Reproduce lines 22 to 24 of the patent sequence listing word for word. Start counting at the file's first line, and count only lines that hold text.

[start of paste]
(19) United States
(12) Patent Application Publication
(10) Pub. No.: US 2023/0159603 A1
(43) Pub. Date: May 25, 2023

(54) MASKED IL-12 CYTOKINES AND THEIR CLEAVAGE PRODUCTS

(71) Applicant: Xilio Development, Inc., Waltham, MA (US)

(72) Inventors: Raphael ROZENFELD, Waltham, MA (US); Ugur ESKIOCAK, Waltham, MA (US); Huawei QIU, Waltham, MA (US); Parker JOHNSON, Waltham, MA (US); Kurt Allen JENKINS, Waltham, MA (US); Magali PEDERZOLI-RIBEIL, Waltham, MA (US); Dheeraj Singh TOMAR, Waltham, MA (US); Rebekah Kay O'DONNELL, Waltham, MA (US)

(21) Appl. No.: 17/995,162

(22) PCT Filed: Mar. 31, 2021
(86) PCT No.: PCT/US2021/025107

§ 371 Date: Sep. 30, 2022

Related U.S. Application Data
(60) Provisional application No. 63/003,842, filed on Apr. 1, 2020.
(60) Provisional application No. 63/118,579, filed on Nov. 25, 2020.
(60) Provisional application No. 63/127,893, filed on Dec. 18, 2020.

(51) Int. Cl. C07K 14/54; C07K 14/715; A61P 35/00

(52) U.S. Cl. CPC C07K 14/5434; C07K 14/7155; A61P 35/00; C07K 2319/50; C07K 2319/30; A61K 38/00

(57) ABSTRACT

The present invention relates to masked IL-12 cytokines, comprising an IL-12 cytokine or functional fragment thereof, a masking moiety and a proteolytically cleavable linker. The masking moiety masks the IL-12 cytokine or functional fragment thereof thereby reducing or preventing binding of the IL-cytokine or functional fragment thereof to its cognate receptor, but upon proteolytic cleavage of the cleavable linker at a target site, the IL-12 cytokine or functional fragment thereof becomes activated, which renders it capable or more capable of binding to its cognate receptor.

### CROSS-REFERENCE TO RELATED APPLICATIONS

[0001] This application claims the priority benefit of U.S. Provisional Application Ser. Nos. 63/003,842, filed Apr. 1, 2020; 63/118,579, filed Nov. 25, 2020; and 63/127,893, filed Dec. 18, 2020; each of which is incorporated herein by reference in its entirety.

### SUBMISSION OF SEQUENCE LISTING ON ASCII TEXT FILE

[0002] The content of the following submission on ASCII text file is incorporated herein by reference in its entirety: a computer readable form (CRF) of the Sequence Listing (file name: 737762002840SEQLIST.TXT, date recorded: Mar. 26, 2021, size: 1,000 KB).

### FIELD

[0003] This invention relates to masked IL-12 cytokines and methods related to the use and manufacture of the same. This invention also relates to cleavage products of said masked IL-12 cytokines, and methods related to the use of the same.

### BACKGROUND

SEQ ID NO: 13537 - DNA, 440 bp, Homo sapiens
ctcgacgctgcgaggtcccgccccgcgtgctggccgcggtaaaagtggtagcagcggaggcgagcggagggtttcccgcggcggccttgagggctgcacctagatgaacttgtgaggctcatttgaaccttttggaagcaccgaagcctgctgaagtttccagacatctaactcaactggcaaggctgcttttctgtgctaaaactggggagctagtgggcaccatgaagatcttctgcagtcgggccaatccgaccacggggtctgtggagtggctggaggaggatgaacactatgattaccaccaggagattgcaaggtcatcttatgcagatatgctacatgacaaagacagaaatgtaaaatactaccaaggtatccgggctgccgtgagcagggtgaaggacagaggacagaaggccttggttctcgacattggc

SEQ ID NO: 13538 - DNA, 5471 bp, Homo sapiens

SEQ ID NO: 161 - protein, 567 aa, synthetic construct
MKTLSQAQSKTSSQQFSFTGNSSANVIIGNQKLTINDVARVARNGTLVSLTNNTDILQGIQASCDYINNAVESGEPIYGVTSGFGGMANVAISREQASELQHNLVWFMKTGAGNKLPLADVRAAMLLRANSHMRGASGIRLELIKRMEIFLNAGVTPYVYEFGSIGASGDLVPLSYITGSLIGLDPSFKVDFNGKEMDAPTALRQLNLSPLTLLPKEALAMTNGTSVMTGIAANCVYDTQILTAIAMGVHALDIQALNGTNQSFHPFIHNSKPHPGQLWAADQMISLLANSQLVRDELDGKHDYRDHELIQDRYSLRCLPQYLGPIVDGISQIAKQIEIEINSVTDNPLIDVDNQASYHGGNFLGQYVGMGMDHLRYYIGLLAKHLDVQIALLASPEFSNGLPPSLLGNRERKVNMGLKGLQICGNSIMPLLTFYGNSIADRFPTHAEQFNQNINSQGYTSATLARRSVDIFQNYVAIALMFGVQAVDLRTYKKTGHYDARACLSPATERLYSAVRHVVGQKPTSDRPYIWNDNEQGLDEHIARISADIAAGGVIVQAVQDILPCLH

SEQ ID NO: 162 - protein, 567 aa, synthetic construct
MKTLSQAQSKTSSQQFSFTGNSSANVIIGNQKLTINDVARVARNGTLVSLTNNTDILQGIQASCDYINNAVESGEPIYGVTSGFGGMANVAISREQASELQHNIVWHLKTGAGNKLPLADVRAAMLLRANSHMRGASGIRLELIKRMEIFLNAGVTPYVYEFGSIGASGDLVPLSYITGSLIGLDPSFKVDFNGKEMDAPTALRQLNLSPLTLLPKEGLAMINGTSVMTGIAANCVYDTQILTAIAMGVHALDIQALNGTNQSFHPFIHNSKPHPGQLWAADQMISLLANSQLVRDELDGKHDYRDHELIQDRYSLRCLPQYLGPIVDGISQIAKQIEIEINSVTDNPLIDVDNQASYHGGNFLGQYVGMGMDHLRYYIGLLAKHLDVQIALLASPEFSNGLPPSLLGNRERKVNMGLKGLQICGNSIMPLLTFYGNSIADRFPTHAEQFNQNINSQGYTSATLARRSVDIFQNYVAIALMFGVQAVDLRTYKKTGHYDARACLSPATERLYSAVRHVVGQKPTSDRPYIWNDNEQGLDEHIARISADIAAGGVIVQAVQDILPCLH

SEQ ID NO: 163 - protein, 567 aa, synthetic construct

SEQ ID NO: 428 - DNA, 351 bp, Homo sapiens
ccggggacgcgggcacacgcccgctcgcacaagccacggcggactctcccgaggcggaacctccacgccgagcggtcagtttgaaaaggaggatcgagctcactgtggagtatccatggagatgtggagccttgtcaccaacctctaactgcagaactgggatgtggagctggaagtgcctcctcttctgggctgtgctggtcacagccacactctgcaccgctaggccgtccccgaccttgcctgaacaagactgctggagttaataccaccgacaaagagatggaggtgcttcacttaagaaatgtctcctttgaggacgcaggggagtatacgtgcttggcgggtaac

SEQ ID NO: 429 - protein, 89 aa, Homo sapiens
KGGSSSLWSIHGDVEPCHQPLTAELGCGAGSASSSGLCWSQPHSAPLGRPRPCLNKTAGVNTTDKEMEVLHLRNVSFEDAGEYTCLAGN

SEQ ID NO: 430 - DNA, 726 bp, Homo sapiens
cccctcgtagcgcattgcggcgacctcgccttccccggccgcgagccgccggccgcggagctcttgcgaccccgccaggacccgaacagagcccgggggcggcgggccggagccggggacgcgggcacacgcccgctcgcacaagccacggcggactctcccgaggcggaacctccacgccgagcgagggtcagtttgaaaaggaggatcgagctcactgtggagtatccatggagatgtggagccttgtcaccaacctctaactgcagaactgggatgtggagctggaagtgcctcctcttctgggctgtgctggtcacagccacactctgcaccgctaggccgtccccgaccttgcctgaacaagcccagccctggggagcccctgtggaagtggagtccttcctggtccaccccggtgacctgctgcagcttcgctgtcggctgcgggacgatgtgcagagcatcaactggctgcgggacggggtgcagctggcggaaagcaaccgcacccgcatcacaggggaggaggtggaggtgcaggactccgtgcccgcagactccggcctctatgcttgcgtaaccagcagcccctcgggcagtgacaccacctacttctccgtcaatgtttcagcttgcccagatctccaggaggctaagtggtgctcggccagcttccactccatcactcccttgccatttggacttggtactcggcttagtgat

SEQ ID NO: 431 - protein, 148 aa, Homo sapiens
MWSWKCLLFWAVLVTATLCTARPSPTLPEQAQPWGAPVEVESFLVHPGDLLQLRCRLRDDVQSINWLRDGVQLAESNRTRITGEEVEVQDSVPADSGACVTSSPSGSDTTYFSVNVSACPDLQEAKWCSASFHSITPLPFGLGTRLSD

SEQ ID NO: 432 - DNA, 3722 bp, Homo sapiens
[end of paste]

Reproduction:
### SUBMISSION OF SEQUENCE LISTING ON ASCII TEXT FILE

[0002] The content of the following submission on ASCII text file is incorporated herein by reference in its entirety: a computer readable form (CRF) of the Sequence Listing (file name: 737762002840SEQLIST.TXT, date recorded: Mar. 26, 2021, size: 1,000 KB).

### FIELD